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Pacerpole 2-Section Trekking Pole REVIEW

Unique molded grips add extreme comfort and power to these heavier two-section aluminum/carbon fiber hybrids. But are they worth the weight?

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by Marty Coatney | 2006-09-06 03:00:00-06

Pacerpole 2-Section Trekking Pole REVIEW


The Pacerpoles are the heaviest carbon fiber poles that we’ve reviewed. Are they worth it? It depends on where you are hiking. The innovative grip design allows you to propel yourself over level terrain with ease and in a manner where the weight is hardly noticeable (when used correctly). The grips allow you to securely hold the poles with minimum effort - your hands seem to curve naturally around it. The molded grips are also where the majority of the Pacerpoles’ excess weight is found. They also limit the poles’ usefulness in steeper terrain and require a slight learning curve. The poles are rock solid with an aluminum upper section and a carbon fiber lower section giving excellent stiffness and stability.

What’s Good

  • Extremely comfortable and unique grips minimize hand fatigue
  • Adds noticeable power to strides on level or smoother terrain
  • Excellent quality and construction
  • Light swing weight due to carbon fiber lowers
  • Weight savings of 0.6 ounces per pole over the aluminum 3-Section model

What’s Not So Good

  • At 10.6 ounce (301 g) total weight per pole these trekking poles are quite heavy
  • The molded grip weighs 4.4 ounce (125 g) alone. That is 42% of the total weight of the pole.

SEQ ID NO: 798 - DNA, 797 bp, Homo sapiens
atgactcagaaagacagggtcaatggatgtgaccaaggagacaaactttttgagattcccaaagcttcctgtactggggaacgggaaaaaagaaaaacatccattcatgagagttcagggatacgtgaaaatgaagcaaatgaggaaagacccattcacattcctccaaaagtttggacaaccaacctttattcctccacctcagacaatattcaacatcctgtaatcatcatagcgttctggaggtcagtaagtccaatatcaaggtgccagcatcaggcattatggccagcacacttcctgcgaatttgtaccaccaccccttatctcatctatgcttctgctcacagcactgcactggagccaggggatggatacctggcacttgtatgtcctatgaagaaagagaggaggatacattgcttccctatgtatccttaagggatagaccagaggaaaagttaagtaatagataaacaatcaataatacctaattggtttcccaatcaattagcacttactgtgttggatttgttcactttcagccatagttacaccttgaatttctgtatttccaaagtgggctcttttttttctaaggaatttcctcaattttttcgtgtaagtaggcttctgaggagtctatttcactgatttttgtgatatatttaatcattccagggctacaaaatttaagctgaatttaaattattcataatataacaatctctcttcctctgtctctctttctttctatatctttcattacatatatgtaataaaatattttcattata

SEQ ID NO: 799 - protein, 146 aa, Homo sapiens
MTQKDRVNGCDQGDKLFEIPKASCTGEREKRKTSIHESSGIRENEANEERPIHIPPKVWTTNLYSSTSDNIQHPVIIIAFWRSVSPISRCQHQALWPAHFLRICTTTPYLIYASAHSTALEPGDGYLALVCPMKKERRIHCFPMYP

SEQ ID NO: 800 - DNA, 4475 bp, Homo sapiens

• Grip design limits use in steep descents or ascents
  • Two-section poles only collapse to 99 centimeters (39 in), making them more difficult to stow than three-section models



2006 Pacerpole 2-Section


Adjustable length, two-section collapsible

  Shaft Material

7075 aluminum upper, carbon fiber lower


Carbide flex-tip


Molded thermo-plastic/rubber

  Grip Size

One size

  Weight Per Pole
(without baskets)

10.6 oz (301 g) measured weight; manufacturer’s specification 10.5 oz (298 g)

  Pole Length

39-54 in (99-137 cm)

  Baskets Included?

Yes - diameter: 2 in (13 cm), weight: 1.6 oz (43 g)

  Basket Type



$114 (US)


Pacerpoles set themselves apart with their unique grip. The molded plastic/rubber grips are specific to the right or left hands and angle the hands further forward than any traditional trekking poles, which are gripped in the vertical position. It definitely took a period of adjustment for me to get comfortable with these poles. My first instinct was to use them as I would any other pole: bringing the whole pole out in front of me with each stride; however, the proper technique with Pacerpoles is different than either trekking or Nordic walking techniques.

Pacerpole 2-Section Trekking Pole REVIEW - 1
The Pacerpoles’ unique grip is what sets it apart from other trekking poles on the market.

With proper Pacerpole technique, the poles are held lower and extended behind the hiker and used to propel forward. (Pacerpoles’ website has extensive instructions on how to correctly use their trekking poles.) The poles aren’t meant to be lifted off the ground and swung forward; instead they come forward during natural walking with the tips “skimming” the ground and the entire pole basically staying at the same angle throughout the stride. When used correctly I felt a noticeable increase in my forward momentum. Using the poles on a stretch of open beach hiking I found I could set the “cruise control” and haul on down the trail at an amazing clip and I barely noticed the extra weight.